He ended a tweet with a link to an Atlantic article titled Hiring John Bolton Would Be a Betrayal of Donald Trump’s Base, which details how Bolton’s warmongering ways goes against the promises Trump made on the campaign trail:
And then there’s the CNN Op-Ed with the bracingly blunt title John Bolton’s Mustache Is More Qualified to Be National Security Adviser Than He Is. David Rothkopf, a senior fellow at the Johns Hopkins University School of Advanced International Studies, wrote it. He probably didn’t choose the headline, but he did write these lines about Bolton:
“Few prominent national security figures are as ill-suited to the job of national security adviser as Bolton when you consider his views, his temperament and his ability be an honest broker. In fact, he is actually one of the few people on earth who would be worse than Mike Flynn, who was the worst national security adviser of all time.”
So, yes, please call your MoCs and yell about this.
Yes, MoCs cannot actually prevent Trump from appointing Bolton. As stated before, this is not a post that requires Congressional approval. But! A loud, fierce, forceful (and polite, don’t forget polite) reaction from their constituents will get back to GOP leadership, and to Trump. Democratic and Republican colleagues in the House and Senate talk to each other, and Congressional Republicans talk to Trump. We can apply pressure indirectly.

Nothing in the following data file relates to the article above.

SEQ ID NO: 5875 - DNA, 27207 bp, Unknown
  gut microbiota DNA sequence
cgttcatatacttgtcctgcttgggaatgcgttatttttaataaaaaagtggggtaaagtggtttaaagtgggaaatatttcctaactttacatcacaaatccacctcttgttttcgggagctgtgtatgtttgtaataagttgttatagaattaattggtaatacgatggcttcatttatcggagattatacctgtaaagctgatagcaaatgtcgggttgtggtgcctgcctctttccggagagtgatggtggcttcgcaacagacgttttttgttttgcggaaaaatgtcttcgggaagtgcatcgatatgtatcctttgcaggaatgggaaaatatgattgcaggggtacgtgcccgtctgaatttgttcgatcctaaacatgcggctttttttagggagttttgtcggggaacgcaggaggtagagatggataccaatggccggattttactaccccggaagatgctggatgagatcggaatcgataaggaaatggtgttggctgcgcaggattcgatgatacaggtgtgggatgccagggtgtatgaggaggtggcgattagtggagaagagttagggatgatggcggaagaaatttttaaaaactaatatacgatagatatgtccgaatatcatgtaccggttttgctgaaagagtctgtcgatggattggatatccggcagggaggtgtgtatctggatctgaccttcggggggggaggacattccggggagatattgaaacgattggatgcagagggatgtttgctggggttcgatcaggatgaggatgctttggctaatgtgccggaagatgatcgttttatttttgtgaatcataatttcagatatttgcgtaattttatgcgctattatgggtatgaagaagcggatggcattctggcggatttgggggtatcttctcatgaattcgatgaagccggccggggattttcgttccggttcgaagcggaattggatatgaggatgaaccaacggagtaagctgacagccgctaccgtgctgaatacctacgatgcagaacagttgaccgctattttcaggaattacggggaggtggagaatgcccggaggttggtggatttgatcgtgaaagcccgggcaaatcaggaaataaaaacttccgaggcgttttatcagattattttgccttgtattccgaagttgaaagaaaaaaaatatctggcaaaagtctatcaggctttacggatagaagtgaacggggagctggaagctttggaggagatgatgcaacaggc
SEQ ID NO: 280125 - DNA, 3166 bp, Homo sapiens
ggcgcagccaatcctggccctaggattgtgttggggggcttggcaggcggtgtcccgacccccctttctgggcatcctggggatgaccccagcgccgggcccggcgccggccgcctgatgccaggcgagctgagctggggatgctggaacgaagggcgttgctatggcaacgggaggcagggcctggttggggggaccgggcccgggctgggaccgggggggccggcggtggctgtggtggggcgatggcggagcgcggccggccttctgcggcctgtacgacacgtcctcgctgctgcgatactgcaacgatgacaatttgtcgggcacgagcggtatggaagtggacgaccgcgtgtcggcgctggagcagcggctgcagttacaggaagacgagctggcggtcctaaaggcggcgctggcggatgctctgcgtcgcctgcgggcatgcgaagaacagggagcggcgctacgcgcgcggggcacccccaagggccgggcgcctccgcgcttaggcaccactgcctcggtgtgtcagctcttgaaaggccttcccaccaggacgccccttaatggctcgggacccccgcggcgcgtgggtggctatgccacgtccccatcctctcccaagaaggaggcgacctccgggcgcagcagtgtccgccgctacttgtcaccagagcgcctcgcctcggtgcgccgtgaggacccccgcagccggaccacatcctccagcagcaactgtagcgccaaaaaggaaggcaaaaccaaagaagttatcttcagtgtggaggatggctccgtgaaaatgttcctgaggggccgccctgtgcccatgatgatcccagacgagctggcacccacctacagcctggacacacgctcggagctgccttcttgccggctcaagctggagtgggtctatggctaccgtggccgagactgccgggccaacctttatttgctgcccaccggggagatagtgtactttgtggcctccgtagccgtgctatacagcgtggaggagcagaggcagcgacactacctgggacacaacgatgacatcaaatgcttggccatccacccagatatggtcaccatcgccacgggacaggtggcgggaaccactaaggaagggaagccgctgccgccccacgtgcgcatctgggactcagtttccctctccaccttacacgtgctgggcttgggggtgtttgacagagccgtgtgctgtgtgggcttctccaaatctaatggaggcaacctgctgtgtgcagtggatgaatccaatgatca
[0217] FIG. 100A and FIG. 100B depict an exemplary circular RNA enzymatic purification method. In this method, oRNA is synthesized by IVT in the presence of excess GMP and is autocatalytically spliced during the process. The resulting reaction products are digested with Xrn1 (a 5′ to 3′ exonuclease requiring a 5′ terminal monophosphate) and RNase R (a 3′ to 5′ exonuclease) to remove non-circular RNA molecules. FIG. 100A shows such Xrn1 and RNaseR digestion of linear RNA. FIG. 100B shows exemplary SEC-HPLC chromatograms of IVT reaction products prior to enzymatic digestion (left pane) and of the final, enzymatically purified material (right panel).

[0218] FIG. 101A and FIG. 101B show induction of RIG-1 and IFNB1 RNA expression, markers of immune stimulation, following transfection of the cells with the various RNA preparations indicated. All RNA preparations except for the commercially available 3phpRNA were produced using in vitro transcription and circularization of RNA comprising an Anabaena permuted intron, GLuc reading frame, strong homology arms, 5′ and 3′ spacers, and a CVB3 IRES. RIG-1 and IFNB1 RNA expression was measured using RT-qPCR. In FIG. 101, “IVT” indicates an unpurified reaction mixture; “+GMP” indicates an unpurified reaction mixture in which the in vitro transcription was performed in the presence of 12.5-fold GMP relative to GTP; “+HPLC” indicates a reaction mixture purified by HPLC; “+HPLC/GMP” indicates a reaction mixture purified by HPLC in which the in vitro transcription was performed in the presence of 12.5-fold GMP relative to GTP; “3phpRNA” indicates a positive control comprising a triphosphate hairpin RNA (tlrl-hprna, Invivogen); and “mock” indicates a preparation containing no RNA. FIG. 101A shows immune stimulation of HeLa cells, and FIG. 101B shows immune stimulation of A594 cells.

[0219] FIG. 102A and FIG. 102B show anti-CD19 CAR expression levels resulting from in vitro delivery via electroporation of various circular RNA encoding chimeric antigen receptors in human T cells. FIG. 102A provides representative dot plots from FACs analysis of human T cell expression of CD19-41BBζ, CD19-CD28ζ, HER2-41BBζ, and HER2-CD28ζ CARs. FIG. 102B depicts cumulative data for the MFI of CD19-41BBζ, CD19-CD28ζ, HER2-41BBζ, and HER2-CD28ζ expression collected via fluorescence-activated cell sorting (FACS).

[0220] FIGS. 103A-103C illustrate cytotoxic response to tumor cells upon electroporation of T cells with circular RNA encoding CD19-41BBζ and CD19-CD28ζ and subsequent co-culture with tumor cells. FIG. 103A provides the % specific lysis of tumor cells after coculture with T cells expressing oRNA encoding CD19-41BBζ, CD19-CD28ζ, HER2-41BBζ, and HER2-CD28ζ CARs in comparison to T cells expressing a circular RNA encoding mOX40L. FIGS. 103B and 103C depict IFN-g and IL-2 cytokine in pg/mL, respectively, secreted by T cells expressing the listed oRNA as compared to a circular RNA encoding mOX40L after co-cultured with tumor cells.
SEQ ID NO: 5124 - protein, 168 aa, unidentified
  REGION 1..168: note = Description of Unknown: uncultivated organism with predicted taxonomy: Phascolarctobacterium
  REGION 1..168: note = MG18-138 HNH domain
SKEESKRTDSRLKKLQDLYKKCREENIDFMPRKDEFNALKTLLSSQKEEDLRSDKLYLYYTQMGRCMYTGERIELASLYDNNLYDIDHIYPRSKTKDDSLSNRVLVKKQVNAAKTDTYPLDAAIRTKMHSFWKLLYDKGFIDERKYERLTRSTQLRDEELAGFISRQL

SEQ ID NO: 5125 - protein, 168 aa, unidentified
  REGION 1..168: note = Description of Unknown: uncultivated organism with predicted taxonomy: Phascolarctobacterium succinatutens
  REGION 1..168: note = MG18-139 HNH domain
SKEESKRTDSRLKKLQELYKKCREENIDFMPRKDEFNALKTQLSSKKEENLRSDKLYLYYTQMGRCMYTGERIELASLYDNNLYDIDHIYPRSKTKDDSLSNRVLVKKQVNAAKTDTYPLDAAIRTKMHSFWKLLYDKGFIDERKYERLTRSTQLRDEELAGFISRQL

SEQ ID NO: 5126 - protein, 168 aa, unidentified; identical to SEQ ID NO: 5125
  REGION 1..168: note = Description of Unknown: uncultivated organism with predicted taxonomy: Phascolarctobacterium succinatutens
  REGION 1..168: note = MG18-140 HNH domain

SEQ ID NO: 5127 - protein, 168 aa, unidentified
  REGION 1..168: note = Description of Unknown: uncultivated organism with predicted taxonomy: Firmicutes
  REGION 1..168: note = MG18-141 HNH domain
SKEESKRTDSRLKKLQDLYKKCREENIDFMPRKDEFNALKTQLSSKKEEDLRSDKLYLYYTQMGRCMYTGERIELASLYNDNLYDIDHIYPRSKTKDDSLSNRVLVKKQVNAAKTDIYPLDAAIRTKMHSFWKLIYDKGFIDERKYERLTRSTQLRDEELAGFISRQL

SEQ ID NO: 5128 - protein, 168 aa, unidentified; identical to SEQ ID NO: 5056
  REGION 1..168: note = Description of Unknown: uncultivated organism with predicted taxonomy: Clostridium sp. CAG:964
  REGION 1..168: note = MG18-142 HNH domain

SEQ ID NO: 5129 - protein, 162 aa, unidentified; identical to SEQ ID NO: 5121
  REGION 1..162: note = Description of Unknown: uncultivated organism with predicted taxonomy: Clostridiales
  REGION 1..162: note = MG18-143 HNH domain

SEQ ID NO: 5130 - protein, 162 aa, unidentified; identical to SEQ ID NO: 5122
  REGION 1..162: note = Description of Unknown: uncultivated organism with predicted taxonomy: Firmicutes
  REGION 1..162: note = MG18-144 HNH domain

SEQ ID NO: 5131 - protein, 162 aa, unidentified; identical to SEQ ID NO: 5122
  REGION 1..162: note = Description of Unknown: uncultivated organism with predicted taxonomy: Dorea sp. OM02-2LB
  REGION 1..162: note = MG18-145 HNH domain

Sample script for your MoCs: “Dear House Rep/Senator [Lastname], I am [Firstname Lastname from town, state], and I am calling to voice my firm, fierce, sharp opposition to John Bolton replacing H.R. McMaster as Trump’s national security adviser. Bolton’s more bomb-happy than Curtis “Bombs Away” LeMay. The only reason he served as our Ambassador to the UN under George W. Bush is because the Senate Foreign Intelligence Committee blocked the nomination twice and Bush had to resort to a recess appointment. Bolton’s answer to any conflict always seems to be “war, war, and more war.”
Bolton already recommended doing a first strike on North Korea–on March 1, 2018, he tweeted: “The threat from North Korea is imminent, and the case against pre-emption rests on the misinterpretation of a standard that derives from prenuclear, ballistic-missile times… Given the gaps in U.S. intelligence about North Korea, we should not wait until the very last minute to deal with this threat. If we wait, we risk striking after the North has deliverable nuclear weapons, a much more dangerous situation.”
I realize that the post of national security advisor is not subject to Congressional approval, but given the threat that Bolton poses to America, I am asking you to tell your colleagues in Congress how important it is that Trump choose someone else. Bolton should never get near this sensitive, critical job. If he does, we could be looking at a third ongoing war, and a nuclear one at that.
On a related note, I am also asking you to support (H.R. 669/S.200), The Restricting First Use of Nuclear Weapons Act of 2017. The House version is sponsored by Rep. Ted Lieu of California and the Senate version is sponsored by Ed Markey of Massachusetts. The bill would do exactly what you think it would do–it only lets the president use nuclear weapons to attack another country if Congress declares war first.